Correct glycosylation, Golgi-processing, and targeting to protein bodies of the vacuolar protein phytohemagglutinin in transgenic tobacco

Arnd Sturm, Toni A. Voelker, Eliot M Herman, Maarten J. Chrispeels

Research output: Contribution to journalArticle

51 Citations (Scopus)

Abstract

We used a heterologous system (transgenic Nicotiana tabacum L.) to investigate the processing, assembly and targeting of phytohemagglutinin (PHA), the lectin of the common bean, Phaseolus vulgaris L. In the bean, this glycoprotein accumulates in the protein bodies of the storage parenchyma cells in the cotyledons, and each polypeptide has a high-mannose glycan attached to Asn12 and a complex glycan on Asn60. The gene for PHA-L, dlec2, with 1200 basepairs (bp) 5′ upstream and 1600 bp 3′ downstream from the coding sequence was introduced into tobacco using Agrobacterium-mediated transformation (T. Voelker et al., 1987, EMBO J. 6, 3571-3577). Examination of thin sections of tobacco seeds by immunocytochemistry with antibodies against PHA showed that PHA-L accumulated in the amorphous matrix of the protein bodies in the embryo and endosperm. This localization was confirmed using a non-aqueous method to isolate the protein bodies from mature tobacco seeds. The biochemical analysis of tobacco PHA indicated that the signal peptide had been correctly removed, and that the polypeptides formed 6.4 S oligomers; tobacco PHA had a high-mannose glycan at Asn12 and a complex glycan at Asn60. The presence of the complex glycan shows that transport to the protein bodies was mediated by the Golgi complex. At seed maturity, a substantial portion of the PHA-L remained associated with the endoplasmic reticulum and the Golgi complex, as indicated by fractionation experiments using aqueous media and the presence of two high-mannose glycans on some of the polypeptides. Taken together, these data show that insertion of the nascent PHA into the endoplasmic reticulum, signal peptide processing, glycosylation, assembly into oligomers, glycan modification in the Golgi, and targeting of the protein occur faithfully in this heterologous system, although transport may not be as efficient as in bean cotyledons.

Original languageEnglish (US)
Pages (from-to)170-183
Number of pages14
JournalPlanta
Volume175
Issue number2
DOIs
StatePublished - Aug 1988
Externally publishedYes

Fingerprint

protein bodies
phytohemagglutinin
Phytohemagglutinins
Protein Transport
glycosylation
Glycosylation
Tobacco
tobacco
Polysaccharides
genetically modified organisms
polysaccharides
Proteins
Mannose
proteins
mannose
polypeptides
Seeds
beans
Cotyledon
Golgi Apparatus

Keywords

  • Golgi apparatus
  • Nicotiana (transgenic)
  • Phaseolus (phytohemagglutinin)
  • Phytohemagglutinin
  • Protein bodies
  • Protein targeting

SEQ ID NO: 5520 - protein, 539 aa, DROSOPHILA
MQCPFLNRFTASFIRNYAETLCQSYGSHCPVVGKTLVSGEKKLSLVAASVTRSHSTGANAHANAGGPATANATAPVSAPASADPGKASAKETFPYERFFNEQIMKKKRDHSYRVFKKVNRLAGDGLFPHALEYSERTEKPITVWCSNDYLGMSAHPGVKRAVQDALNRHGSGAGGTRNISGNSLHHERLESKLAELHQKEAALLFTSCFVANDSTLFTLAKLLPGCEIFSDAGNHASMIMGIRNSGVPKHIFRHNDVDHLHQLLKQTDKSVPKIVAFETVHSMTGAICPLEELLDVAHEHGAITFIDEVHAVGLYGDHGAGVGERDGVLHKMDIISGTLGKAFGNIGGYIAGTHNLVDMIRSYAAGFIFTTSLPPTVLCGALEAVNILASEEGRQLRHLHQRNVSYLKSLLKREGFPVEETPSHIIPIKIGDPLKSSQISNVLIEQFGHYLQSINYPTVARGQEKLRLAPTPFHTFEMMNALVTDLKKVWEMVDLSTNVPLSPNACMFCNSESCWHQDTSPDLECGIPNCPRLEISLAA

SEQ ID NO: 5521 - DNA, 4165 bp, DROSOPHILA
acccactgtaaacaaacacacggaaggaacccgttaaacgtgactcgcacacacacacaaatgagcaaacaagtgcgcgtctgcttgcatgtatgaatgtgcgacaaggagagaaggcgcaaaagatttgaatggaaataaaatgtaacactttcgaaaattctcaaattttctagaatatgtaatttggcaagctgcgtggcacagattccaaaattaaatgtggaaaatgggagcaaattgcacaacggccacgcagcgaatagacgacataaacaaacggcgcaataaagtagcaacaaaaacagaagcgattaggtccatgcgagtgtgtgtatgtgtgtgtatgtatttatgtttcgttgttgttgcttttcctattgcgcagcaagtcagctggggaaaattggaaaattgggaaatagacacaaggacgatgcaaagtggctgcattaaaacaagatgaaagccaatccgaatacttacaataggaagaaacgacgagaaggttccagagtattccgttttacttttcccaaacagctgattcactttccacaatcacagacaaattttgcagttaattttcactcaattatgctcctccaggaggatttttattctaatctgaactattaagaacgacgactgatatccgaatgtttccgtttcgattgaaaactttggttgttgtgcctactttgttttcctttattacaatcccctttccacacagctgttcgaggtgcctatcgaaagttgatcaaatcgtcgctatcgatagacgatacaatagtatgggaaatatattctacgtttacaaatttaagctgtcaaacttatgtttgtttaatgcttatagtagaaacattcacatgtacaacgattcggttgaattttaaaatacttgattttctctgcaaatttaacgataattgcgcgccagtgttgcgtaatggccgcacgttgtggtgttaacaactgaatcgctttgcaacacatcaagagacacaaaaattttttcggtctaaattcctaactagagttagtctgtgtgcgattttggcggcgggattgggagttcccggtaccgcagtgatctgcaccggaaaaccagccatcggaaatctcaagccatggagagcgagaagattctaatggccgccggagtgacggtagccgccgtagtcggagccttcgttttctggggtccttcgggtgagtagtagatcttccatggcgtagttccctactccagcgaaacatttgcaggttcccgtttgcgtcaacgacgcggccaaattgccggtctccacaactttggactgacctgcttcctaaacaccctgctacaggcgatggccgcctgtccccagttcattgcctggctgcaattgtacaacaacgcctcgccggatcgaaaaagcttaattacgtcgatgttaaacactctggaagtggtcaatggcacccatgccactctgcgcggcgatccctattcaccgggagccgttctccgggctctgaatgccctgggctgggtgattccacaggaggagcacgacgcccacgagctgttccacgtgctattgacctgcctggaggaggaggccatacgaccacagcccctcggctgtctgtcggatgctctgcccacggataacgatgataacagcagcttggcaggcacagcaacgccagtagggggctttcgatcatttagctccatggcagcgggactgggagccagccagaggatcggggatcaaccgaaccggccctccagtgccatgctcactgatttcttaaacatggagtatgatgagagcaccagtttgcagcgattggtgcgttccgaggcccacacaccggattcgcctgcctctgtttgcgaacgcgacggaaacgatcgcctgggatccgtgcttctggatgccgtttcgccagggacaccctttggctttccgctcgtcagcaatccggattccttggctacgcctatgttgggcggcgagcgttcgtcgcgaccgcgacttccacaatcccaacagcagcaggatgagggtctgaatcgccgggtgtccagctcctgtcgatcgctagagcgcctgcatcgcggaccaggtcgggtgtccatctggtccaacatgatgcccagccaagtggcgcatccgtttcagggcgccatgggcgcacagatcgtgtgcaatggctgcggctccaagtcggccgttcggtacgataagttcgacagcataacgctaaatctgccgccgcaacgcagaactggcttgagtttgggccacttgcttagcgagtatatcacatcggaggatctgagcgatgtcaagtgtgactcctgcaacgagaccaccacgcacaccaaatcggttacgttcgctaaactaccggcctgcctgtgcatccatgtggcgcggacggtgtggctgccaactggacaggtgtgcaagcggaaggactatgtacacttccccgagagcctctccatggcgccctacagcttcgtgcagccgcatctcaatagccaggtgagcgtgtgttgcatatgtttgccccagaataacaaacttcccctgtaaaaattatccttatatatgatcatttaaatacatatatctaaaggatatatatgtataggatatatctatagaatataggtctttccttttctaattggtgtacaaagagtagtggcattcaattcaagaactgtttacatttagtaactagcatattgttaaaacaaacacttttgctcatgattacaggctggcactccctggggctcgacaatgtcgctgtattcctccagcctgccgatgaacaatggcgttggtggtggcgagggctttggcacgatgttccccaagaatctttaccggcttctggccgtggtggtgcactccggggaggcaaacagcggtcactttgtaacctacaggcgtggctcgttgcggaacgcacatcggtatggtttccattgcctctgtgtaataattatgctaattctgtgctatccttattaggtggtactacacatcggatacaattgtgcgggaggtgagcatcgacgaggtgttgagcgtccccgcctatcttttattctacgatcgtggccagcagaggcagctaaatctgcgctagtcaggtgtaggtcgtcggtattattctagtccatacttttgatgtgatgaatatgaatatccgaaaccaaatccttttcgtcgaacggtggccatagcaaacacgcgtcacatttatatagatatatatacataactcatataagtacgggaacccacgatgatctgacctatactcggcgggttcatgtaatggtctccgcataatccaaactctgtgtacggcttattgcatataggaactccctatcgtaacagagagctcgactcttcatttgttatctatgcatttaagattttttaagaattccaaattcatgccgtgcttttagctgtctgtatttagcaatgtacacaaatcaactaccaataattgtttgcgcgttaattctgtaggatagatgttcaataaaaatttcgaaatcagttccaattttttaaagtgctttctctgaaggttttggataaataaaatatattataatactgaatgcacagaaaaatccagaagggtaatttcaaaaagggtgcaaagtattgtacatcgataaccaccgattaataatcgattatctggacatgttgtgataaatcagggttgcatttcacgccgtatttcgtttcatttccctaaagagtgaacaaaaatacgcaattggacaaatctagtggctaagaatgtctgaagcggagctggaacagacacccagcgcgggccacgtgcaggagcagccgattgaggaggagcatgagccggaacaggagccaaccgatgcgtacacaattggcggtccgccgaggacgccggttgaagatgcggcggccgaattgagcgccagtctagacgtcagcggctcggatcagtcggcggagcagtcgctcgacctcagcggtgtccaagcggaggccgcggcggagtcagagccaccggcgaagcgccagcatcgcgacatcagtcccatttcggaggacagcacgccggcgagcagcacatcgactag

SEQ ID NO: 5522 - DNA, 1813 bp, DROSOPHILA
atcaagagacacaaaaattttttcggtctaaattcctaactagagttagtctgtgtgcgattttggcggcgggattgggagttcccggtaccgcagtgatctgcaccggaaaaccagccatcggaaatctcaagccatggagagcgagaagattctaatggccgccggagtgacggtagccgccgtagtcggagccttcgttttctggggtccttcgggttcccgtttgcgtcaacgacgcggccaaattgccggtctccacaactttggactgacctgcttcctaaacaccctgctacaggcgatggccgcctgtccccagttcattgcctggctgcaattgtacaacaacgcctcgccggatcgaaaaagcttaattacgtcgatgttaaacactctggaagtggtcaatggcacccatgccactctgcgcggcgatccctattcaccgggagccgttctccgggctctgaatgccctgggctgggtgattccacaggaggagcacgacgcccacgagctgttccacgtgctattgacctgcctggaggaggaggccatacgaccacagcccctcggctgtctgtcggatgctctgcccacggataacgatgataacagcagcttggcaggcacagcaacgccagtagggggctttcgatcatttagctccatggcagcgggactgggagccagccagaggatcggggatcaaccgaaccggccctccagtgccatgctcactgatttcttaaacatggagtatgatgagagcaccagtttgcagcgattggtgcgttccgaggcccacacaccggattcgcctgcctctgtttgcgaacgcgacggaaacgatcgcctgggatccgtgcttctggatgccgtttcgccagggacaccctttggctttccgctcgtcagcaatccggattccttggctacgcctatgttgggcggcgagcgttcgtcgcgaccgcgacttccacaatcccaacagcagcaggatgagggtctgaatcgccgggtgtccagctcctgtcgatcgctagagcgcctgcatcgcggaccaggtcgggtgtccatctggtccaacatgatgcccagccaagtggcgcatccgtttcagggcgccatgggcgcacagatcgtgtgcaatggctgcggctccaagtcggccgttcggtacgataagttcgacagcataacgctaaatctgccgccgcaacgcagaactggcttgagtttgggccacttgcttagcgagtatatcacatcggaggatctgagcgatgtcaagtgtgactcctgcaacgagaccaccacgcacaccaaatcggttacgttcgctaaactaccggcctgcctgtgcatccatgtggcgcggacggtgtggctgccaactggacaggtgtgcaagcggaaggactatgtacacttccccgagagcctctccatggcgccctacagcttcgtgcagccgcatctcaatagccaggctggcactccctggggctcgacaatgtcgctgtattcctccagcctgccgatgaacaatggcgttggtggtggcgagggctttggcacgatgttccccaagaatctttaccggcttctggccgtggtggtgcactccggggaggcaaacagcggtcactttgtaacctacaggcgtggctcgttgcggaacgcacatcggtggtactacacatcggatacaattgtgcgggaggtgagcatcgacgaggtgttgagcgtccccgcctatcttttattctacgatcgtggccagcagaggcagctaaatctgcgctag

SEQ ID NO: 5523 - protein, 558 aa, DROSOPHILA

• Transformation (tobacco)

ASJC Scopus subject areas

  • Plant Science

Cite this

Correct glycosylation, Golgi-processing, and targeting to protein bodies of the vacuolar protein phytohemagglutinin in transgenic tobacco. / Sturm, Arnd; Voelker, Toni A.; Herman, Eliot M; Chrispeels, Maarten J.

In: Planta, Vol. 175, No. 2, 08.1988, p. 170-183.

Research output: Contribution to journalArticle

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abstract = "We used a heterologous system (transgenic Nicotiana tabacum L.) to investigate the processing, assembly and targeting of phytohemagglutinin (PHA), the lectin of the common bean, Phaseolus vulgaris L. In the bean, this glycoprotein accumulates in the protein bodies of the storage parenchyma cells in the cotyledons, and each polypeptide has a high-mannose glycan attached to Asn12 and a complex glycan on Asn60. The gene for PHA-L, dlec2, with 1200 basepairs (bp) 5′ upstream and 1600 bp 3′ downstream from the coding sequence was introduced into tobacco using Agrobacterium-mediated transformation (T. Voelker et al., 1987, EMBO J. 6, 3571-3577). Examination of thin sections of tobacco seeds by immunocytochemistry with antibodies against PHA showed that PHA-L accumulated in the amorphous matrix of the protein bodies in the embryo and endosperm. This localization was confirmed using a non-aqueous method to isolate the protein bodies from mature tobacco seeds. The biochemical analysis of tobacco PHA indicated that the signal peptide had been correctly removed, and that the polypeptides formed 6.4 S oligomers; tobacco PHA had a high-mannose glycan at Asn12 and a complex glycan at Asn60. The presence of the complex glycan shows that transport to the protein bodies was mediated by the Golgi complex. At seed maturity, a substantial portion of the PHA-L remained associated with the endoplasmic reticulum and the Golgi complex, as indicated by fractionation experiments using aqueous media and the presence of two high-mannose glycans on some of the polypeptides. Taken together, these data show that insertion of the nascent PHA into the endoplasmic reticulum, signal peptide processing, glycosylation, assembly into oligomers, glycan modification in the Golgi, and targeting of the protein occur faithfully in this heterologous system, although transport may not be as efficient as in bean cotyledons.",